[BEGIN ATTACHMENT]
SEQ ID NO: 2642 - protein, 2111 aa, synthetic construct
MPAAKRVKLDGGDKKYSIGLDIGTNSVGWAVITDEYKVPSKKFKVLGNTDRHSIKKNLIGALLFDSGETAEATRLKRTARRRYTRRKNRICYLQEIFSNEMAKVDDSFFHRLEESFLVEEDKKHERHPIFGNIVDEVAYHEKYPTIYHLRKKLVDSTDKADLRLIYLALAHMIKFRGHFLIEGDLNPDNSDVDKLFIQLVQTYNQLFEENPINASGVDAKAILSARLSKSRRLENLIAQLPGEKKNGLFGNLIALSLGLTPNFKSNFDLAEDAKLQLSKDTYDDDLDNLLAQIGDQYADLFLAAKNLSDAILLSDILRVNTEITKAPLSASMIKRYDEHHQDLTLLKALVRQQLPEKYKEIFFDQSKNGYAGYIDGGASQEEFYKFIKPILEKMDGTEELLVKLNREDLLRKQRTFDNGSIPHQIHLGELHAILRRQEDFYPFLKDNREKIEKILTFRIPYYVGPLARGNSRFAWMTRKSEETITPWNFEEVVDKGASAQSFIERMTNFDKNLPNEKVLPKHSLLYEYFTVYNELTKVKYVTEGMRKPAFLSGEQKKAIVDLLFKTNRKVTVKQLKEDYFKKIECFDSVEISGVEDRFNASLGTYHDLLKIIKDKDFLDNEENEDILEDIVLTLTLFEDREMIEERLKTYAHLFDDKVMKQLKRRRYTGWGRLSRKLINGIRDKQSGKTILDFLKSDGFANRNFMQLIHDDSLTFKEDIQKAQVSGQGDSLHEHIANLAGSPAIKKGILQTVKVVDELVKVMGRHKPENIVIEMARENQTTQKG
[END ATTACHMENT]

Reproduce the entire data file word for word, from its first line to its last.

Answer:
SEQ ID NO: 2642 - protein, 2111 aa, synthetic construct
MPAAKRVKLDGGDKKYSIGLDIGTNSVGWAVITDEYKVPSKKFKVLGNTDRHSIKKNLIGALLFDSGETAEATRLKRTARRRYTRRKNRICYLQEIFSNEMAKVDDSFFHRLEESFLVEEDKKHERHPIFGNIVDEVAYHEKYPTIYHLRKKLVDSTDKADLRLIYLALAHMIKFRGHFLIEGDLNPDNSDVDKLFIQLVQTYNQLFEENPINASGVDAKAILSARLSKSRRLENLIAQLPGEKKNGLFGNLIALSLGLTPNFKSNFDLAEDAKLQLSKDTYDDDLDNLLAQIGDQYADLFLAAKNLSDAILLSDILRVNTEITKAPLSASMIKRYDEHHQDLTLLKALVRQQLPEKYKEIFFDQSKNGYAGYIDGGASQEEFYKFIKPILEKMDGTEELLVKLNREDLLRKQRTFDNGSIPHQIHLGELHAILRRQEDFYPFLKDNREKIEKILTFRIPYYVGPLARGNSRFAWMTRKSEETITPWNFEEVVDKGASAQSFIERMTNFDKNLPNEKVLPKHSLLYEYFTVYNELTKVKYVTEGMRKPAFLSGEQKKAIVDLLFKTNRKVTVKQLKEDYFKKIECFDSVEISGVEDRFNASLGTYHDLLKIIKDKDFLDNEENEDILEDIVLTLTLFEDREMIEERLKTYAHLFDDKVMKQLKRRRYTGWGRLSRKLINGIRDKQSGKTILDFLKSDGFANRNFMQLIHDDSLTFKEDIQKAQVSGQGDSLHEHIANLAGSPAIKKGILQTVKVVDELVKVMGRHKPENIVIEMARENQTTQKG